User reviews are an established part of the online shopping landscape. And so it comes as no surprise that companies have tried to "game" the system to their advantage. It also means reviews from actual consumers can be up for sale, undermining the entire process.
The New York Times reported this week that Amazon took a merchant off its site because it was offering a full rebate on $10 leather cases for the Kindle Fire if the buyer wrote an online review. The merchant, VIP Deals, shipped the Kindle cases with a letter that offered the rebate.
"Advertising disguised as editorial is an old problem, but it's now presenting itself in different ways," the Federal Trade Commission's associate director for advertising practices, Mary Engle, told the Times.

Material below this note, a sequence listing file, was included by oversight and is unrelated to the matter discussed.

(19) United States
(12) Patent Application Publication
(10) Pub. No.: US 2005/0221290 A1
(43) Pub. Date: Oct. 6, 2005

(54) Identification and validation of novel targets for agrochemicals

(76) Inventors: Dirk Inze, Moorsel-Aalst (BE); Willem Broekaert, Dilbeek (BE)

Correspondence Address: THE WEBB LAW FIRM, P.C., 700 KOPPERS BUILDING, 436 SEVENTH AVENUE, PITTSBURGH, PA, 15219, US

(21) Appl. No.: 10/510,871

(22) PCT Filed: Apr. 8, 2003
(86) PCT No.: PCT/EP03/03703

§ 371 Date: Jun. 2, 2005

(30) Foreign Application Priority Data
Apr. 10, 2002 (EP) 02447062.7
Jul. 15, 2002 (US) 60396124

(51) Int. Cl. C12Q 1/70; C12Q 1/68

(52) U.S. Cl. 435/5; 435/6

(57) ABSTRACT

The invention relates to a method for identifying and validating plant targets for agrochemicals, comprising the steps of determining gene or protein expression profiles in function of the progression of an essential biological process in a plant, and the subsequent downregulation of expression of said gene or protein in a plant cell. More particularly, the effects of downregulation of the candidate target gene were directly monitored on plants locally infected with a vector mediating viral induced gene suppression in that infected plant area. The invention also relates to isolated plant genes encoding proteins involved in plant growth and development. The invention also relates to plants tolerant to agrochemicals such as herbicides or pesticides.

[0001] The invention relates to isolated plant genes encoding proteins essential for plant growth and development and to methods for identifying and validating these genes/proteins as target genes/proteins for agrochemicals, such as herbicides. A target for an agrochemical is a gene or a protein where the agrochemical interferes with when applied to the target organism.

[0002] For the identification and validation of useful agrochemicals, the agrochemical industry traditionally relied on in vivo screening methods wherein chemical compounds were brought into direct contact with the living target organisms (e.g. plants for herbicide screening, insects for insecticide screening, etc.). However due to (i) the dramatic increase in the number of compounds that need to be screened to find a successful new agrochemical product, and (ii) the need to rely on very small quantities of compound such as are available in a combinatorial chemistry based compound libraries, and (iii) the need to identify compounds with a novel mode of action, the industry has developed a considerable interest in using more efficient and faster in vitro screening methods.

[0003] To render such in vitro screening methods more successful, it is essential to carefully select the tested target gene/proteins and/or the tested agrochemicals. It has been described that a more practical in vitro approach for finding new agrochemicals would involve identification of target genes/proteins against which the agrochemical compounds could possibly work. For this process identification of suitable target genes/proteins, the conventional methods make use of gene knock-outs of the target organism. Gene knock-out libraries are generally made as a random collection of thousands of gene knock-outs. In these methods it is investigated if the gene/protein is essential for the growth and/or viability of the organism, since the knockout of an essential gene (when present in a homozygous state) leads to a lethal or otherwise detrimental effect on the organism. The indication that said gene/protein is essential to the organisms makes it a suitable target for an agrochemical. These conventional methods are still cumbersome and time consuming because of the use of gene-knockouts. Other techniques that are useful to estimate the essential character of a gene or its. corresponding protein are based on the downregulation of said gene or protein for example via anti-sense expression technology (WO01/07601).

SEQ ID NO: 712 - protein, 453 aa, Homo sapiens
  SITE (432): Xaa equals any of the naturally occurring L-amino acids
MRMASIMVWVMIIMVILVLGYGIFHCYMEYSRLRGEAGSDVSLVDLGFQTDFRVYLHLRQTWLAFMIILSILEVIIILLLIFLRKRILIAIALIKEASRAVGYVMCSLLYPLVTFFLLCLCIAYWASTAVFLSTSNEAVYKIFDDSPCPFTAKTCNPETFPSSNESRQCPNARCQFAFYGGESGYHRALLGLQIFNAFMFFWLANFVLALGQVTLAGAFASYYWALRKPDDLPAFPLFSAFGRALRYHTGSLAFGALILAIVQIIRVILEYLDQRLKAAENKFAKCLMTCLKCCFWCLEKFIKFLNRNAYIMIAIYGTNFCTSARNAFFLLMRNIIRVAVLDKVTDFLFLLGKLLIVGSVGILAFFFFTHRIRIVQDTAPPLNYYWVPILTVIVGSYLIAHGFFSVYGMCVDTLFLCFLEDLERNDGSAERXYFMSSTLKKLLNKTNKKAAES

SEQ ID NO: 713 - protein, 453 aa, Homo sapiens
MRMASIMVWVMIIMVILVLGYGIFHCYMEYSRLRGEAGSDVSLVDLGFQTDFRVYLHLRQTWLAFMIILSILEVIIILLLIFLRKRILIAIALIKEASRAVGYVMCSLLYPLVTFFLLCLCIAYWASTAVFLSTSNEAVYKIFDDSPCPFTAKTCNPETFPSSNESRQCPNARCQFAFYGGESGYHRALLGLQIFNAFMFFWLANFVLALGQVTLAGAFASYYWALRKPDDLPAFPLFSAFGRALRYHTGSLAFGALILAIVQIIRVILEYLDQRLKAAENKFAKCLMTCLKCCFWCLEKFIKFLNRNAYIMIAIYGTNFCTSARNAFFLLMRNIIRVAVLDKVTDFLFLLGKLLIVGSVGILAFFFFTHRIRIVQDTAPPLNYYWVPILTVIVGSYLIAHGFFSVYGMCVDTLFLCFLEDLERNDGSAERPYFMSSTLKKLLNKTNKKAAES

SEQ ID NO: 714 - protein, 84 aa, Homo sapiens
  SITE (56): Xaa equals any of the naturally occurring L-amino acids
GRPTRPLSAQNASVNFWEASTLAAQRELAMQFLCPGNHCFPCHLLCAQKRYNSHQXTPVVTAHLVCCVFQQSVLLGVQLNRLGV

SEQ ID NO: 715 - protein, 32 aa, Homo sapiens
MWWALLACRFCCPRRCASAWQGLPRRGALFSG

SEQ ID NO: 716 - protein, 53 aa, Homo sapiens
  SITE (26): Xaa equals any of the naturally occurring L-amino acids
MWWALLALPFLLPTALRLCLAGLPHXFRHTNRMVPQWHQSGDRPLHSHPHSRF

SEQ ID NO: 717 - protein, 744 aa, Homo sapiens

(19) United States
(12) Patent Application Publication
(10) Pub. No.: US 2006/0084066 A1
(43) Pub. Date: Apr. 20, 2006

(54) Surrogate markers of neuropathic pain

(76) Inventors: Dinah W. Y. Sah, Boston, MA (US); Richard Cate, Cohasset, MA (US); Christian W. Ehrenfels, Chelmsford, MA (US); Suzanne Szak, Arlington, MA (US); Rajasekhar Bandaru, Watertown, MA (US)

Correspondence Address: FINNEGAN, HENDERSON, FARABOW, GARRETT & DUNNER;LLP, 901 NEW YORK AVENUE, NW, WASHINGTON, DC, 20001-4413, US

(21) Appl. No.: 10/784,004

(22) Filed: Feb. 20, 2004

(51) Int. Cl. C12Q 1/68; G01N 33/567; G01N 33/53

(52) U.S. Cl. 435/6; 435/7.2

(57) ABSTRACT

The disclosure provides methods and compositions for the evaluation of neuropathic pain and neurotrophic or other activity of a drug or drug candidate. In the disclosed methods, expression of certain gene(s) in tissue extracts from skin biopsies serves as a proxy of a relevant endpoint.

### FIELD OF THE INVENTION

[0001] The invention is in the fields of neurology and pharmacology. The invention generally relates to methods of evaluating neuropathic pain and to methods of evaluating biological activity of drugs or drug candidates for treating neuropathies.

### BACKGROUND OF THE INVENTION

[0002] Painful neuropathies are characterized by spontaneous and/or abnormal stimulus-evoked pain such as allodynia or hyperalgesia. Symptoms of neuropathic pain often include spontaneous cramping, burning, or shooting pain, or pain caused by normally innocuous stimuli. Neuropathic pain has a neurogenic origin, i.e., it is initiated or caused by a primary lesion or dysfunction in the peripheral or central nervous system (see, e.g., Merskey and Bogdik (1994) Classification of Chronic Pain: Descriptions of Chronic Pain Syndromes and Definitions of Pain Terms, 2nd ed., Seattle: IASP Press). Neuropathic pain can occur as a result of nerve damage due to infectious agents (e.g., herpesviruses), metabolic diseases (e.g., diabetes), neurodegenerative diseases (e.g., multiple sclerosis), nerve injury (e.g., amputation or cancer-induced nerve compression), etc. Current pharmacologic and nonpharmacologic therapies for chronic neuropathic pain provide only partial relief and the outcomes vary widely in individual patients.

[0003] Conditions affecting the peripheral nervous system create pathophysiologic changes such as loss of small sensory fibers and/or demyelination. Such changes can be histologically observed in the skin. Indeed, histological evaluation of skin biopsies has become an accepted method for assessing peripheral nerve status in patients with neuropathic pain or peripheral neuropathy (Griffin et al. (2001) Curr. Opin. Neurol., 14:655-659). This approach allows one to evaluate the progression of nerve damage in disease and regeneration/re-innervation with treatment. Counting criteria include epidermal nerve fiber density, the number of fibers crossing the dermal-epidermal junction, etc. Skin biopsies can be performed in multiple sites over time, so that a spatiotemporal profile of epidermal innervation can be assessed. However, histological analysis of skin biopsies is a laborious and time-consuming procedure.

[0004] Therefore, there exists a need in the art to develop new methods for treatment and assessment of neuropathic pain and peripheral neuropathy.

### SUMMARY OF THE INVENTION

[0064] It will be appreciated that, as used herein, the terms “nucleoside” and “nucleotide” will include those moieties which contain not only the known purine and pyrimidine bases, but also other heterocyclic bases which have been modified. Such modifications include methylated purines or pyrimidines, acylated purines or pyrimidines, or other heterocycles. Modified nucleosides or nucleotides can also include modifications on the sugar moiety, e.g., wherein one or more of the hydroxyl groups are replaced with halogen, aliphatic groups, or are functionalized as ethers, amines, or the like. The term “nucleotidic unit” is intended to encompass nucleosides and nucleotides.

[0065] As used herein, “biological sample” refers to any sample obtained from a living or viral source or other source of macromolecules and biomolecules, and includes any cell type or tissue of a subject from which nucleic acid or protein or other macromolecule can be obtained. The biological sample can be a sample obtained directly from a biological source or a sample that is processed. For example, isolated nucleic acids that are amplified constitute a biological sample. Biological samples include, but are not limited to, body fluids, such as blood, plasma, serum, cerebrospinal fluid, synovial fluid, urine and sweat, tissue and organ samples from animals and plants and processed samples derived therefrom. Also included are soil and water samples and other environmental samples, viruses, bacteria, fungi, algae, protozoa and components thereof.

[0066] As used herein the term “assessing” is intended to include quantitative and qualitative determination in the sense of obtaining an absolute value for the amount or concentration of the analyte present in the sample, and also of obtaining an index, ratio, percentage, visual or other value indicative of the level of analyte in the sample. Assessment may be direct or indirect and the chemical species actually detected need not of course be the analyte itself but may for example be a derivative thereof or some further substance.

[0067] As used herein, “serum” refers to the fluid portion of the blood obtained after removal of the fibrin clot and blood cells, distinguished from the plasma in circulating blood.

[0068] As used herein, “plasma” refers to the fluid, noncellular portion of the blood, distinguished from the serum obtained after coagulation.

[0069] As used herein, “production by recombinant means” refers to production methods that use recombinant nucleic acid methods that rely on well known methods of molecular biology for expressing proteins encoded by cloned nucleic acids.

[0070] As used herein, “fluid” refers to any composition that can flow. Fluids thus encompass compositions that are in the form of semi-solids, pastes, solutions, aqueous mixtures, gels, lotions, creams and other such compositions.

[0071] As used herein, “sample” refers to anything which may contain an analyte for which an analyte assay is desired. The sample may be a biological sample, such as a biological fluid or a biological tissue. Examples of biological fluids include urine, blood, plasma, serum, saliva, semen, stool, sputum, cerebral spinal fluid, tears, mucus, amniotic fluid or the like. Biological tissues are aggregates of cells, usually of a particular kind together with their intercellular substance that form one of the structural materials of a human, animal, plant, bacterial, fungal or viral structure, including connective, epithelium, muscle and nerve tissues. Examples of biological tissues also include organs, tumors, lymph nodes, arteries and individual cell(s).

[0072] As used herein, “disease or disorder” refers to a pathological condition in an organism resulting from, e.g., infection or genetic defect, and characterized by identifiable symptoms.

Here are some tips for spotting fake product reviews from LifeHacker, by knowing some key words that can point toward fake reviews:
- Overly enthusiastic language and an abundance of exclamation points: "Really very happy with the awesome (insert product name here)!!
- Use of, and reliance on the first-person singular, and references to people the reviewer was with, such as "my wife, or, "my family."
- Exact and perhaps unnecessarily specific product name, details or location, especially if repeated more than once. Legitimate reviews are more likely to use more vague language since it is already apparent or established what product or service is being discussed since the review is already attached to the product page.